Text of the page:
Linden Walcott-Burton is an actor, director, producer and workshop facilitator.
His acting credits include work for HBO/Punchdrunk, the Royal Court Theatre, the Sherman Cymru, Shakespeare's Globe and the BBC.
He is a regular facilitator for the National Theatre and was involved in the development of their facilitator training programme. His facilitating credits also include the Old Vic, The Barbican, Battersea Arts Centre and Punchdrunk Enrichment, as well as corporate facilitation work for Oxford University's Said Business School. He is also an Associate Artist for the National Youth Theatre.
He was formerly the producer of the free actor's showcase MonologuSlamUK at Theatre Royal Stratford East, and was a councillor for Equity. He has also worked as a Culture Policy Officer for the London Mayor, as the lead officer for theatre in London and artificial intelligence in the creative industries.
He is the author of The Drama Workshop Leader: A Practical Guide to Delivering Great Sessions (Nick Hern Books, 2023).
Author photo by Ori Jones.
Glenn Waldron is a playwright and journalist. His plays include: Natives (a Boundless Theatre production at Southwark Playhouse, 2017, following a production at Düsseldorfer Schauspielhaus in 2016); The Here and This and Now (Theatre Royal Plymouth, 2017); and Forever House (at the Drum, Theatre Royal Plymouth, 2013).
He is the former Editor of i-D magazine and his work has appeared in The New York Times, the Guardian, the Independent and Vogue.
Donna Walker-Kuhne is America's foremost expert on multi-ethnic audience development. She has worked as Marketing Director of the Public Theater and of the Dance Theatre of Harlem. She teaches arts marketing at Fordham University, Brooklyn college and New York University.
Rebecca Walker's debut play Wretch was commissioned by theatre company Into The Wolf, and completed a tour of homeless day centres, drug rehab clinics and hostels in 2015, before being produced by Interval Productions in its first theatrical run at VAULT Festival 2017.
She has had short plays produced at The Cockpit, Arcola Theatre, Pleasance Edinburgh, The Vaults, Southwark Playhouse, Bush Theatre, Theatre503 and Tristan Bates Theatre, and is a graduate of the Royal Court's Invitation Group, Young Writers' Programme and the Criterion Theatre's New Writing Group.
Naomi Wallace is a playwright from Kentucky. Her plays, which have been produced in the United Kingdom, Europe, the United States, and the Middle East, include In the Heart of America, Slaughter City, One Flea Spare, The Trestle at Pope Lick Creek, Things of Dry Hours, The Fever Chart: Three Visions of the Middle East, And I and Silence, The Hard Weather Boating Party, The Liquid Plain and Night is a Room. Awards include the Susan Smith Blackburn Prize (twice), Joseph Kesselring Prize, Fellowship of Southern Writers Drama Award, Obie Award, Horton Foote Award for Most Promising New American Play, MacArthur Fellowship, and the inaugural Windham Campbell Prize for Drama.
Phoebe Waller-Bridge is an actor, playwright and screenwriter.
Her first play, Fleabag, premiered at the 2013 Edinburgh Festival Fringe, performed by Phoebe Waller-Bridge herself, before transferring to Soho Theatre, London, for several successful runs, followed by a UK tour. It won a Fringe First Award, the Most Promising New Playwright and Best Female Performance at the Off West End Theatre Awards, The Stage Award for Best Solo Performer and the Critics' Circle Award for Most Promising Playwright.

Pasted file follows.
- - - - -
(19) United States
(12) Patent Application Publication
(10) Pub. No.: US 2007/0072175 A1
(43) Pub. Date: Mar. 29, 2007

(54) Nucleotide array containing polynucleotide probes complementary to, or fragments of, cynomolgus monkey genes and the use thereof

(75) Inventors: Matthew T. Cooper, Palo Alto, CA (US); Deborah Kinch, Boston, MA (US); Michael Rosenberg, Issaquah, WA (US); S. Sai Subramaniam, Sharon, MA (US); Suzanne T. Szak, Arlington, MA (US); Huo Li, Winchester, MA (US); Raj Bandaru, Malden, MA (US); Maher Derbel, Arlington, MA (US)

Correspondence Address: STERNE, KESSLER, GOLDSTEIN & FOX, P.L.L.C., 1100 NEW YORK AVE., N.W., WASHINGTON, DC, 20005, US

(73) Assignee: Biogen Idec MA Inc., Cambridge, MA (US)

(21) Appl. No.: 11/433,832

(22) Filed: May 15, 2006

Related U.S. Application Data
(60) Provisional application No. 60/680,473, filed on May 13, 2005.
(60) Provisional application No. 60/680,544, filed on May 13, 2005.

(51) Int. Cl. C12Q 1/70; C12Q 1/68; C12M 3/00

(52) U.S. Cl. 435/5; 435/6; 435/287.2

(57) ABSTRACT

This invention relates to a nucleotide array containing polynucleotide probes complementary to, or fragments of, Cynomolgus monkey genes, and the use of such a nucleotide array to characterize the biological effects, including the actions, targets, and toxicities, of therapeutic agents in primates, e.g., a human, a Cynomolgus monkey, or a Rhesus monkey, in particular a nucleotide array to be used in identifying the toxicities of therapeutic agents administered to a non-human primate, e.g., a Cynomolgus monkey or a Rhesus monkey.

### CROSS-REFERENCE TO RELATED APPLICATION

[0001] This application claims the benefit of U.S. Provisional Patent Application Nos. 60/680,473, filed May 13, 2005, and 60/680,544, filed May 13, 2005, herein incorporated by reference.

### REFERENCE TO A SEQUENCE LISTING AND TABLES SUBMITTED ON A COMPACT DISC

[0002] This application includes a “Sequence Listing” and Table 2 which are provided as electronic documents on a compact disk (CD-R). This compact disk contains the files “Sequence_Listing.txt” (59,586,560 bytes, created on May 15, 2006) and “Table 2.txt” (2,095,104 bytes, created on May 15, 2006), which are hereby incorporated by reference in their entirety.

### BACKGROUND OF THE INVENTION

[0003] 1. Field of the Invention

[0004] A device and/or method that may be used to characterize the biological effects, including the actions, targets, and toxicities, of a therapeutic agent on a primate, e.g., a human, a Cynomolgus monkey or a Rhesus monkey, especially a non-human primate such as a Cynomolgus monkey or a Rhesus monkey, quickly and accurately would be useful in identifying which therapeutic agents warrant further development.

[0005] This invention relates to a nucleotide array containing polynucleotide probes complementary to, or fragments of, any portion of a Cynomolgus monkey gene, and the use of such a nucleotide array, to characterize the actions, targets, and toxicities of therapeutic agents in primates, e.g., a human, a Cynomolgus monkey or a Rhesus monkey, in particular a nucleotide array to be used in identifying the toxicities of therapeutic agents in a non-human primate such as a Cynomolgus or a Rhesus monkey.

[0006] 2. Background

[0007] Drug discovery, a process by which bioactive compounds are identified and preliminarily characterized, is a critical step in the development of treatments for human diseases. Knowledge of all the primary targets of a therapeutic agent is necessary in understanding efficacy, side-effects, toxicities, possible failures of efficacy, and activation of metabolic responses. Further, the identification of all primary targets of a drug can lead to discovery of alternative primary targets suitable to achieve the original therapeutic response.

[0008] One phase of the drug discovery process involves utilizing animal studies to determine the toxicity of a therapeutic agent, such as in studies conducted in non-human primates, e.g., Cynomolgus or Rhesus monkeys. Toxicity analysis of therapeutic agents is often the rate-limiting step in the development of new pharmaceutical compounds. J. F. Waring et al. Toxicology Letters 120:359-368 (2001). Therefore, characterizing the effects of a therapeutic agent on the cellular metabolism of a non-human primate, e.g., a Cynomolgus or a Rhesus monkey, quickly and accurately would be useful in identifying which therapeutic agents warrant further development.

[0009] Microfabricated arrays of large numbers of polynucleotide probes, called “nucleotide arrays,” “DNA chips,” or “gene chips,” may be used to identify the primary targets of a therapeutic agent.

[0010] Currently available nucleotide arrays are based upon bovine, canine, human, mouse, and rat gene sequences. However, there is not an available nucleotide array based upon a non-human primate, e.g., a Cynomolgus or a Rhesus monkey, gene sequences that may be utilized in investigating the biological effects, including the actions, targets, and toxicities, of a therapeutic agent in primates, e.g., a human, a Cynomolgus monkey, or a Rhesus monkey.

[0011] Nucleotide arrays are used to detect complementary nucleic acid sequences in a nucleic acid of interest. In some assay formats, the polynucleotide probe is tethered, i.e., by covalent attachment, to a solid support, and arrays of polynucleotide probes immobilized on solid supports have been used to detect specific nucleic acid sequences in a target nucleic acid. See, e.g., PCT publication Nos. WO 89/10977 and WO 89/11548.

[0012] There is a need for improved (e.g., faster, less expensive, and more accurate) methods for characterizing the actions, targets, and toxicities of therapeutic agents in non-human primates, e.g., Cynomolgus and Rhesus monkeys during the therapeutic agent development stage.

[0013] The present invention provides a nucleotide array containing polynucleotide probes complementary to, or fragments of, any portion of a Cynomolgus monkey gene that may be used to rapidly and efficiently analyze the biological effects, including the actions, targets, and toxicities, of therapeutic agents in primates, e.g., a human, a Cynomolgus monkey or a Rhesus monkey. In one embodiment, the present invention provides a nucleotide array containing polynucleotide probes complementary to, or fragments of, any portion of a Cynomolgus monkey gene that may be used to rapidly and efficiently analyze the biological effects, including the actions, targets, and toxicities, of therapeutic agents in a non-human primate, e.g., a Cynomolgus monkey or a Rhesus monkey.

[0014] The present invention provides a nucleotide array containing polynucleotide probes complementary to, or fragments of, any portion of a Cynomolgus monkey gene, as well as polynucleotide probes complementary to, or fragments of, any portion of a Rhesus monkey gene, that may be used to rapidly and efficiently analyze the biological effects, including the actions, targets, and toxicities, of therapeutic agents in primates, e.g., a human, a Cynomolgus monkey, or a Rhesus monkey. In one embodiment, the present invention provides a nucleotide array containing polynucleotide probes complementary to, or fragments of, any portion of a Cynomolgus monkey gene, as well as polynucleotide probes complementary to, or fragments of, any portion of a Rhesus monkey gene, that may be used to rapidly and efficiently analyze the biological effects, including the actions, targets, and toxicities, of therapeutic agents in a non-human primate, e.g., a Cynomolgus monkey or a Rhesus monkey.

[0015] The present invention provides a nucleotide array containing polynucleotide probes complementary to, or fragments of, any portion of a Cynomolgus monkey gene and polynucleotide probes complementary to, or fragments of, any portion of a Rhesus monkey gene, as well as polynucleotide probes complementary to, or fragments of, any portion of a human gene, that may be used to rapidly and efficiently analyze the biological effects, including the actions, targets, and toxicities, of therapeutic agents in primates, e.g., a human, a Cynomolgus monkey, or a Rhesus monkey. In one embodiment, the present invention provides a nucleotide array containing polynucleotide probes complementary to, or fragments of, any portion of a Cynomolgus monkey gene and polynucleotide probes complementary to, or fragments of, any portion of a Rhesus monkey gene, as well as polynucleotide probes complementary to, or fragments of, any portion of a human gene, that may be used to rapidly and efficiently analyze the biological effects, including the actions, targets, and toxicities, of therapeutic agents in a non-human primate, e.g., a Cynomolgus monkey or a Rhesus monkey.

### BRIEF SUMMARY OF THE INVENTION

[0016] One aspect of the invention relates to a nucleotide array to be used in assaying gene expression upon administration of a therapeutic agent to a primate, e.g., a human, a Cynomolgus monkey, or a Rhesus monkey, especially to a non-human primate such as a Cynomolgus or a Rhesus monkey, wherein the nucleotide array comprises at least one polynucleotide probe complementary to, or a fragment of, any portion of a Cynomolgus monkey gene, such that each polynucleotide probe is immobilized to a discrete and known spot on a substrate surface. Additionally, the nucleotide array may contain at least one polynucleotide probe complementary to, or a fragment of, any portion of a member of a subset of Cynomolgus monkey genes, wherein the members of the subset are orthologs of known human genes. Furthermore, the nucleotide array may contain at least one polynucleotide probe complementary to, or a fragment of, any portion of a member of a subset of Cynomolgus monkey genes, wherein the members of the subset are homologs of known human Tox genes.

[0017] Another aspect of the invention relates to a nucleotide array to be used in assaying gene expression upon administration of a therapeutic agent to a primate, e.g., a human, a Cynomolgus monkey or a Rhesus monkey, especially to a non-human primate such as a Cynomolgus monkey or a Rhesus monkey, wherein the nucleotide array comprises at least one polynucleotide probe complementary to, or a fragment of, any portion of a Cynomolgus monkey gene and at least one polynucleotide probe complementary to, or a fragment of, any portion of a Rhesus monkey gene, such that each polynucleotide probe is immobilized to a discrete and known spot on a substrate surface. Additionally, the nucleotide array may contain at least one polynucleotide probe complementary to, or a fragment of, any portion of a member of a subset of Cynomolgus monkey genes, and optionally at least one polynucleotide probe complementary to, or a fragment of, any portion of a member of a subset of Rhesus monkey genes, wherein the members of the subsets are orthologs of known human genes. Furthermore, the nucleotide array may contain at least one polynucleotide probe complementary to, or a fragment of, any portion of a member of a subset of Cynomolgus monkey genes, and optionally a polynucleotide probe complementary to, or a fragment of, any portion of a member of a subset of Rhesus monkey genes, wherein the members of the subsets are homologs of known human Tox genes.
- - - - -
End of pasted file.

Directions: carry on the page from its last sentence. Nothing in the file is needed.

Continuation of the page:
A television version of Fleabag was broadcast on BBC3/Amazon in 2016, again starring the author. It became one of the most talked and written about shows of the year, winning several awards, including a BAFTA for best actress in a comedy.
Other writing for televison includes Killing Eve (BBC America, 2018) and Crashing (E4, 2016).
Her acting credits include 2nd May 1997 (Bush Theatre), Tribes (Royal Court Theatre), Mydidae (Soho Theatre) and the award-winning film The Iron Lady.
She is co-Artistic Director of acclaimed new writing company DryWrite.
Enda Walsh is a multi-award-winning Irish playwright. He lives in London. His work has been translated into over twenty languages and has been performed internationally since 1998.
His recent plays include: Medicine at the 2021 Edinburgh International Festival and Galway International Arts Festival; Arlington at the 2016 Galway International Festival; an adaptation of Roald Dahl's The Twits for the Royal Court (2015); Ballyturk and Room 303 at the 2014 Galway International Arts Festival; Misterman, presented by Landmark Productions and Galway International Arts Festival in Ireland, London and New York (2011–2012); and several plays for Druid Theatre Company, including Penelope, which has been presented in Ireland, America and London, from 2010–2011, The New Electric Ballroom, which played Ireland, Australia, Edinburgh, London, New York and LA from 2008–2009, and The Walworth Farce, which played Ireland, Edinburgh, London and New York, as well as an American and Australian tour, from 2007–2010.
He collaborated with David Bowie on the musical Lazarus (New York Theatre Workshop, 2015, and West End, 2016), and won a Tony Award in 2012 for writing the book for the musical Once, seen on Broadway, in the West End and on a US tour.
His other plays include Delirium (Theatre O/Barbican), which played Dublin and a British tour in 2008; Chatroom (National Theatre), which played at the National Theatre and on tour in Britain and Asia (2006–2007); and The Small Things (Paines Plough), which played London and Ireland (2005).
His early plays include Bedbound (Dublin Theatre Festival) and Disco Pigs (Corcadorca).
His film work includes Disco Pigs (Temple Films/Renaissance) and Hunger (Blast/FILM4), winner of the Camera d'Or at the 2008 Cannes Film Festival.